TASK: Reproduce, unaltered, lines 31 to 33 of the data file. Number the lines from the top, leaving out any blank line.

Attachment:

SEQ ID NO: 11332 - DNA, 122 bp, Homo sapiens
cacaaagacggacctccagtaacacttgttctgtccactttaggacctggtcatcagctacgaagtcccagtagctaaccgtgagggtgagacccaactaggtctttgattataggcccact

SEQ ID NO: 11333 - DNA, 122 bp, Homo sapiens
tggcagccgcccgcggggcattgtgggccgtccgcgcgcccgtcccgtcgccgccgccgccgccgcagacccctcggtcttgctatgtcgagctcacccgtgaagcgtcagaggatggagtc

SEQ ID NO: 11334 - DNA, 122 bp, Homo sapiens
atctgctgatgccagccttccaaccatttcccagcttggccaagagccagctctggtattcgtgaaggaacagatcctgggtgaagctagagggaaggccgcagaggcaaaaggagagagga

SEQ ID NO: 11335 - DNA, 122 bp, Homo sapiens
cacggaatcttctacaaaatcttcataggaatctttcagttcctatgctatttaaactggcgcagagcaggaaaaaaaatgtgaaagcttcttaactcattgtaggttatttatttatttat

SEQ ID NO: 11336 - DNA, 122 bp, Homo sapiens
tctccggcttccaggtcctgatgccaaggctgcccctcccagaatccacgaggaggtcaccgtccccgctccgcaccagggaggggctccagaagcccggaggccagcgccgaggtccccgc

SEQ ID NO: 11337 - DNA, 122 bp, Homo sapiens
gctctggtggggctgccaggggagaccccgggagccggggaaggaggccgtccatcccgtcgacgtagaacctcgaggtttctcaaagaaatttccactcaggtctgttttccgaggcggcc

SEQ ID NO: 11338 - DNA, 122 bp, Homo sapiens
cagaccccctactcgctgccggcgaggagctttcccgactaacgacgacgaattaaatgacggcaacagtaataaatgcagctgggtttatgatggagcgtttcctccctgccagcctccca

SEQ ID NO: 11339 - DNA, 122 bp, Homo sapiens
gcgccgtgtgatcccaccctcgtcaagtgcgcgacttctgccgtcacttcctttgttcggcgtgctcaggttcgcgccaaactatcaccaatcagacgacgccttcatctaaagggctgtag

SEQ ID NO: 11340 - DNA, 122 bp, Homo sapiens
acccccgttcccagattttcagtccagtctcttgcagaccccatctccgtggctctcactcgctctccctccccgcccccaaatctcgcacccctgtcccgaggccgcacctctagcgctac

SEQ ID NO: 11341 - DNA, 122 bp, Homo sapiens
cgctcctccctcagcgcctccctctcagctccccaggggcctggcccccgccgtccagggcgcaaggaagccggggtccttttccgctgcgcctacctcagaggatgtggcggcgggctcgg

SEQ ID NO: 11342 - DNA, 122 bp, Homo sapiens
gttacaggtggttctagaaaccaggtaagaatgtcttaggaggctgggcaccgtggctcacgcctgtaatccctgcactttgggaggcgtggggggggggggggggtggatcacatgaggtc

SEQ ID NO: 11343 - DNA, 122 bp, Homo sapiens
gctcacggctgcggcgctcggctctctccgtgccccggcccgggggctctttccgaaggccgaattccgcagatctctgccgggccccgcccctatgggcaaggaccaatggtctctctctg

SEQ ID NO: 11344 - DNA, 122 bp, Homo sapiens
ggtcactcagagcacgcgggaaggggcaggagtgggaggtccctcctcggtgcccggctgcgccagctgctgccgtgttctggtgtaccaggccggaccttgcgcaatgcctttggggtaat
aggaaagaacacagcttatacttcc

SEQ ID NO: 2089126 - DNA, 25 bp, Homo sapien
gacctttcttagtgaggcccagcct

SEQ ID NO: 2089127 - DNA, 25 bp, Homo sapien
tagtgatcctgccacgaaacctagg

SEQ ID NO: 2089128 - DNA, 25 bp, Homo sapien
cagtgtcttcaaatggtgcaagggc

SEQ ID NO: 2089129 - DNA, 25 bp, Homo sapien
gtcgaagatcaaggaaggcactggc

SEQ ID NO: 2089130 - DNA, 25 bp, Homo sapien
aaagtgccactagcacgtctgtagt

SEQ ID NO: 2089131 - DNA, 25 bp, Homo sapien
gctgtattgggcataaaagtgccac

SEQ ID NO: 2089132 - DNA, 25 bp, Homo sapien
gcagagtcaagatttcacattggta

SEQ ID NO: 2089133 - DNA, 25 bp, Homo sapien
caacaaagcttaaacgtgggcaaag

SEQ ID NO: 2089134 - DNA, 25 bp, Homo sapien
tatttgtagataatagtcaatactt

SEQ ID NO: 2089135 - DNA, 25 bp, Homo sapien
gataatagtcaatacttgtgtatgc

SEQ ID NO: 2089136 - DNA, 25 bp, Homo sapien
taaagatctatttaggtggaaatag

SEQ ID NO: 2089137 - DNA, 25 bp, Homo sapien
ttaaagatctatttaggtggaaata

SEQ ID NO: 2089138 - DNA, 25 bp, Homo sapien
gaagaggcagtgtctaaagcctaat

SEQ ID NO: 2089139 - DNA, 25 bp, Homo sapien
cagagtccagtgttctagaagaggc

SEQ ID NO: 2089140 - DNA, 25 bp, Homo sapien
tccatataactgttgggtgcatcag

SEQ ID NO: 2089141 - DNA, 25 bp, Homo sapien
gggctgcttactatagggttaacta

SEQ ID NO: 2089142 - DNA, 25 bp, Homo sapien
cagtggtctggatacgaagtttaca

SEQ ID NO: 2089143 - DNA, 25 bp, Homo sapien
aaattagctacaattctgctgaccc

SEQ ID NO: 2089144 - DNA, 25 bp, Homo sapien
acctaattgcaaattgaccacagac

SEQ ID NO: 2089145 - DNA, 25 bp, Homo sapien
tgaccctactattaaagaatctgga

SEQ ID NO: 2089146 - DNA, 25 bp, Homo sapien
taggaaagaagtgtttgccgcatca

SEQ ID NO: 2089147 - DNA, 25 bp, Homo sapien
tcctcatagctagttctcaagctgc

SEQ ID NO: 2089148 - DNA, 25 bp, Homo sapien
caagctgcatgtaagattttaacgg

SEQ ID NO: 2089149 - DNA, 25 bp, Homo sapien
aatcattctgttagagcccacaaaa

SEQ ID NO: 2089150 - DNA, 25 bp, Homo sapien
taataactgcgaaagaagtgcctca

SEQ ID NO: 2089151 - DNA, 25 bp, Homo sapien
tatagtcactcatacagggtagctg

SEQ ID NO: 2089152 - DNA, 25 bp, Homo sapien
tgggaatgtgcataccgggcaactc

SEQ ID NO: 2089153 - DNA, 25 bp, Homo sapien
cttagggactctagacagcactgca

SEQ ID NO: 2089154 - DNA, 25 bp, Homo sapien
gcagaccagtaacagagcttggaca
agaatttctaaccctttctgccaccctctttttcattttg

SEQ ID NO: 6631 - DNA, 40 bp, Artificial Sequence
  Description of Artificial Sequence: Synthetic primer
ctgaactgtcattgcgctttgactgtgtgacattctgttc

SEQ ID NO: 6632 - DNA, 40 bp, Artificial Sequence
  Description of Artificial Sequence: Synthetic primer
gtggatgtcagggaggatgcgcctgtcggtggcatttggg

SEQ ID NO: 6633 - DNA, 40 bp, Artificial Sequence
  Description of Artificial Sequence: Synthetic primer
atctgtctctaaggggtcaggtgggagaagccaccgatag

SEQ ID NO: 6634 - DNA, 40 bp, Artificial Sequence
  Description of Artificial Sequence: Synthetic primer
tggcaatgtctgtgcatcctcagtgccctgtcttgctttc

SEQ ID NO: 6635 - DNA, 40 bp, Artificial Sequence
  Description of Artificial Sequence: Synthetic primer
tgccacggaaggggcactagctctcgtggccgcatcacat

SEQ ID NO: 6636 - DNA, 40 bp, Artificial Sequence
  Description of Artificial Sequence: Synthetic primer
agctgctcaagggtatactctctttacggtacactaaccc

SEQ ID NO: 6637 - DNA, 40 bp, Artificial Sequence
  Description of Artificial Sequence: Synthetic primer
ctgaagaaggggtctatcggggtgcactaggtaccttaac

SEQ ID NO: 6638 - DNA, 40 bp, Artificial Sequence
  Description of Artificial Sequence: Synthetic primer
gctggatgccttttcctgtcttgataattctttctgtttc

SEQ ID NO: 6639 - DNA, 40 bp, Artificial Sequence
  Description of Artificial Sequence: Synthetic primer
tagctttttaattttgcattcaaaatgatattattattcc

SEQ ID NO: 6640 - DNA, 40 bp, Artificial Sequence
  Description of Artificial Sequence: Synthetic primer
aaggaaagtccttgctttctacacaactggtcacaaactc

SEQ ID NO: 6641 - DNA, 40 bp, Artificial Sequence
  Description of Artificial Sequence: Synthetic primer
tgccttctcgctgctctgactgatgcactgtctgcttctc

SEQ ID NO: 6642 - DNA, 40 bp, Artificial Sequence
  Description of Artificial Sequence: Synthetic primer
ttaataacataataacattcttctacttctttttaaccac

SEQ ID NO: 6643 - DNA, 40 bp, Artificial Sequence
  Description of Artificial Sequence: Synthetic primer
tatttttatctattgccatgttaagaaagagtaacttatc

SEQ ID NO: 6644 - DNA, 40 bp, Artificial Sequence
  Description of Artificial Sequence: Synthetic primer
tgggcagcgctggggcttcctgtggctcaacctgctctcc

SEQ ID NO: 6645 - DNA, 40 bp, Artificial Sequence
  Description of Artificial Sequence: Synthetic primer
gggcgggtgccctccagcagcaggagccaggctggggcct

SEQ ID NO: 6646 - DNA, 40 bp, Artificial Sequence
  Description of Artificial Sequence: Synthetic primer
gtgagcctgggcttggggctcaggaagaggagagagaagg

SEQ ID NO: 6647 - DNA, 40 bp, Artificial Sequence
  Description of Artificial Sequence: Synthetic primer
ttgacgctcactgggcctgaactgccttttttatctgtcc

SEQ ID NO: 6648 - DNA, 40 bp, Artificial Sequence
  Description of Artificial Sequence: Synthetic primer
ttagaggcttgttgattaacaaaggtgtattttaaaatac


tagtgatcctgccacgaaacctagg

SEQ ID NO: 2089128 - DNA, 25 bp, Homo sapien
cagtgtcttcaaatggtgcaagggc